The Mudcat Café TM
Thread #167850   Message #4052921
Posted By: cnd
17-May-20 - 01:25 AM
Thread Name: Manly Wade Wellman
Subject: RE: Manly Wade Wellman
"The Desrick on Yandro" mentions different songs, despending on the version.
In the 1964 Ballantine Books edition, the songs mentioned are:
  - Rebel Soldier - p. 86
  - Well I Know That Love Is Pretty - p. 86
  - When the Stars Begin to Fall - p. 86
  - "The Yandro Song" - pp. 86, 94

In the original version, the songs listed are:
  - Witch in the Wilderness
  - Rebel Soldier
  - Vandy, Vandy, I've Come to Court You
  - "The Yandro Song"

To be completely frank, I have no idea why they would change something as minor as 3 songs listed before the fifth paragraph of the story from one version to the other--especially since the three changed songs have no relevance on the outcome of the story. For some reason, Rebel Soldier (aka Jack of Diamonds) was the only song mentioned in both versions of the book; it has been discussed earlier in this thread. The Vandy, Vandy song will be discussed later, as it has its own chapter in the book. When the Stars Begin to Fall is a Christian song dating to at latest the 1860s, but published in several Christian songbooks in the 1920s and 1930s. You can read more about it here.

The last two songs listed briefly in the introduction are a bit harder to find. Though Dolly Parton's song "When Love Is New" matches well with the name of Well I Know That Love Is Pretty, I have some doubt that that's the song Wellman was referring to (ok, ok, more than some). I haven't found a song I'm quite happy with to match this song, but I'll assert that it's a song related to O Waly Waly (Water is Wide), an Americanized version known as Young Ladies or Little Sparrows. My only real backing behind that claim (and it's a sort of tenuous one) is that Wellman was aware of a version of the song that went "Oh, love is fair and love is charming, / And love is pretty when it is new" (source). Aside from that, I've got nothing on it.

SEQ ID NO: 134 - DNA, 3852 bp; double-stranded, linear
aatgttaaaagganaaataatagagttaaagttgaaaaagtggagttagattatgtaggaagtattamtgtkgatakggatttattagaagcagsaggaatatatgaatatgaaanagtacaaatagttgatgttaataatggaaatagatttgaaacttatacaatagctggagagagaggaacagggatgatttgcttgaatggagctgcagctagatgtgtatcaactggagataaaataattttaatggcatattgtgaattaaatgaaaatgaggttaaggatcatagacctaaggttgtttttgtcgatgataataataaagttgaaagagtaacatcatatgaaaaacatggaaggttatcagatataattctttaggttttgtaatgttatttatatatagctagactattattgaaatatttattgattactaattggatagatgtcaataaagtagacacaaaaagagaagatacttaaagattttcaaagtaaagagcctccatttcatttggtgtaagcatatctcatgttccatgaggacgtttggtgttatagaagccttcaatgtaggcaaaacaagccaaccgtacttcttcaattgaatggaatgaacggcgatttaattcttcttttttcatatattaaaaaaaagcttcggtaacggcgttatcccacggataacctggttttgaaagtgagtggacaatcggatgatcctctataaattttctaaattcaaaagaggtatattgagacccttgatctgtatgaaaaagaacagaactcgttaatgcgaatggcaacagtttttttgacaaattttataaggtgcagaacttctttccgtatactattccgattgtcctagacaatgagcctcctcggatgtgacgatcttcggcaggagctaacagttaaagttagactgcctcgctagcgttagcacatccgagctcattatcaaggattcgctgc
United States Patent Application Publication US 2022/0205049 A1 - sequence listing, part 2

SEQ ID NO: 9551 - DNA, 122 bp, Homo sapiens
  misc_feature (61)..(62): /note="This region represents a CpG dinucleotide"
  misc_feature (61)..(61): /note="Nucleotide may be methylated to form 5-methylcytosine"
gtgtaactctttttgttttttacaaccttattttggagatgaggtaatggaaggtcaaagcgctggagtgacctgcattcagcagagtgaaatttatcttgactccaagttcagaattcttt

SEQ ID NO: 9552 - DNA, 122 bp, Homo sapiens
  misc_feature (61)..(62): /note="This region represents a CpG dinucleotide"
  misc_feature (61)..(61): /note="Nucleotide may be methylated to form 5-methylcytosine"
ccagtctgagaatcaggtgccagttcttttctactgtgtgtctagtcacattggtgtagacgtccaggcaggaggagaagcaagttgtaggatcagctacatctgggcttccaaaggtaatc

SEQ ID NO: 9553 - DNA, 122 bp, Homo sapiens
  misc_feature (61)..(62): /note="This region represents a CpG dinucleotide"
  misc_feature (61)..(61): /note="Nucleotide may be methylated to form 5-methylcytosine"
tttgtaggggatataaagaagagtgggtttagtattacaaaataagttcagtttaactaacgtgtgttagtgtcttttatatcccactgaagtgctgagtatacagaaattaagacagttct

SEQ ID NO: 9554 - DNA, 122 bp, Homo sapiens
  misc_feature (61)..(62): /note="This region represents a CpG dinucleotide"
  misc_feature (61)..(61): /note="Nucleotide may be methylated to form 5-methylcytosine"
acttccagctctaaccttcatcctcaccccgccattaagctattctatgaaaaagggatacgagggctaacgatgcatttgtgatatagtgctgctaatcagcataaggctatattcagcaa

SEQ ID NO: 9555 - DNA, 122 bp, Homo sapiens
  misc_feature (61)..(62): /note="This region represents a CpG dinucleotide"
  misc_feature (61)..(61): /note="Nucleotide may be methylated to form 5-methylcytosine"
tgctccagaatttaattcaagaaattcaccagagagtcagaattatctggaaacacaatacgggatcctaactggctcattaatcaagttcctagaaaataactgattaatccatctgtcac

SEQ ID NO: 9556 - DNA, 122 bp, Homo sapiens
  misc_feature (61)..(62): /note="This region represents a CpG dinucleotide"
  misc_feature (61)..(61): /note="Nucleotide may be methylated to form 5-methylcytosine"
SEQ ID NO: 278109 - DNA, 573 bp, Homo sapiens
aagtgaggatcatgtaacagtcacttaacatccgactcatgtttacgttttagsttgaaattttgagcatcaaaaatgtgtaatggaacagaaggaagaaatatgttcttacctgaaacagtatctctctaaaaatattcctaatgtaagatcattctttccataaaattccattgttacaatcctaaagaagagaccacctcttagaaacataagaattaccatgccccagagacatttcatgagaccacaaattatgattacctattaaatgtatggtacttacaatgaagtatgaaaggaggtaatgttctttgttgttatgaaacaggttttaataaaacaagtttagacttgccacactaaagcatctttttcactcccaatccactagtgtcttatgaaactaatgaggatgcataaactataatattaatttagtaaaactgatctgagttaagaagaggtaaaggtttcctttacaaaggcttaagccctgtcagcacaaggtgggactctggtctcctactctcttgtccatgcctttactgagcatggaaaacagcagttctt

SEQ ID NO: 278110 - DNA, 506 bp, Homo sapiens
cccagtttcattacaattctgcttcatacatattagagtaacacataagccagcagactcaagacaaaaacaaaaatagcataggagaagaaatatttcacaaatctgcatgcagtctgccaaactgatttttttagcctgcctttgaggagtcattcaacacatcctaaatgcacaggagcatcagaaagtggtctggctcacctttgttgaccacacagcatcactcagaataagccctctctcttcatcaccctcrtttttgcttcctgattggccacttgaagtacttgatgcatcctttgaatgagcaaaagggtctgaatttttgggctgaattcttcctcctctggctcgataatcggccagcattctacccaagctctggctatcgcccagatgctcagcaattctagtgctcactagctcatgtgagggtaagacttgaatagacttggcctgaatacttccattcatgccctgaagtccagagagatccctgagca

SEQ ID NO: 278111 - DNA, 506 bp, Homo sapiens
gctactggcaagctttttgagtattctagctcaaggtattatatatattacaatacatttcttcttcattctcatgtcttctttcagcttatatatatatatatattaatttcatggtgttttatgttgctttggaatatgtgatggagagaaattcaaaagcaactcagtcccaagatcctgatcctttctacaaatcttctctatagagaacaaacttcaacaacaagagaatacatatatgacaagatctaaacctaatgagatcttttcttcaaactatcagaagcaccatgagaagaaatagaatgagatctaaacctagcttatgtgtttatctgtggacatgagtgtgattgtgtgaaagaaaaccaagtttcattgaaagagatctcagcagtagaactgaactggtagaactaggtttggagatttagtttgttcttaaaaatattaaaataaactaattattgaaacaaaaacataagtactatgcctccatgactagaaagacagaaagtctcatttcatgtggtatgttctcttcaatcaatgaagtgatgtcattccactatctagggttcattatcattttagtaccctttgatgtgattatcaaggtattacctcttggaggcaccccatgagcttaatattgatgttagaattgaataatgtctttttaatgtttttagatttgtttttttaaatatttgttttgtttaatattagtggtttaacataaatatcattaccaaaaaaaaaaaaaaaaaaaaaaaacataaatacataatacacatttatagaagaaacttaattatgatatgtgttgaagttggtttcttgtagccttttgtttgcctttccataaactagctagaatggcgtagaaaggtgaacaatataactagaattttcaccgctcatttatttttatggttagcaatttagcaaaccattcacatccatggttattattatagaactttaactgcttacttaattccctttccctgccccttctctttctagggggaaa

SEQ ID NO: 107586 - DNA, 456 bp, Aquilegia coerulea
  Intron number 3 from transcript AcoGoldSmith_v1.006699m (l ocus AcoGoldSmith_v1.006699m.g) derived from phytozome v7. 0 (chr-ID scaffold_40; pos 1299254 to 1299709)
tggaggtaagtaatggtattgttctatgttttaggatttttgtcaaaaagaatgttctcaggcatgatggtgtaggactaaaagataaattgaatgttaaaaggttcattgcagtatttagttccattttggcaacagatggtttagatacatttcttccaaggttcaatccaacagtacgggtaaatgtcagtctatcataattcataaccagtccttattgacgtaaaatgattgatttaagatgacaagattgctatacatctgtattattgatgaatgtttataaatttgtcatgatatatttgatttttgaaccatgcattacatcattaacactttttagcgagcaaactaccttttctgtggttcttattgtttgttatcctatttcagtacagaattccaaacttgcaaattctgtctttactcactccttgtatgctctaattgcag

To be totally honesy, Witch in the Wilderness has got me stumped. Maybe someone else would be able to better identify a song by this name? Though it's tempting to say that it could be the same song as the Yandro song, given the subject of the chapter (a male witch who lives in a shanty in the forest), this is not the case: the song is introduced as follows: "Staying off wornout songs, I smote out what they'd never heard before--Witch in the Wilderness and Rebel Soldier and Vandy, Vandy, I've Come to Court You. When they clapped and hollered for more, I sang the Yandro song, like this...." Again, not an important aspect of the story, but it certainly makes you wonder...

And finally, The Yandro Song, which is known as "He's Gone Away"
"I'll build me a desrick on Yandro's high hill,
Where the wild beasts can't reach me or hear my sad cry,
For he's gone, he's gone away, to stay a little while,
But he'll come back if he comes ten thousand miles. "

"Look away, look away, look away over Yandro,
Where them wild things are flyin'
From bough to bough, and a-mating with their mates,
So why not me with mine?"

The first line of this song matches nearly verbatim a line from the version of He's Gone Away in the DT here at Mudcat, however, aside from a reference in Sandburg's American Songbag, I haven't seen much about this song. In a 1965 article for the Raleigh News and Observer, Wellman hinted that he thought the local residents may have been "putting Sandburg on," so-to-speak, citing Sandburg's 1927 American Songbag publication; despite that, apparently local residents agreed to call a section of Walnut Mountains (Madison Co., NC) "Yandro," though Wellman consented that they had probably meant "yonder" in its original sense of the word.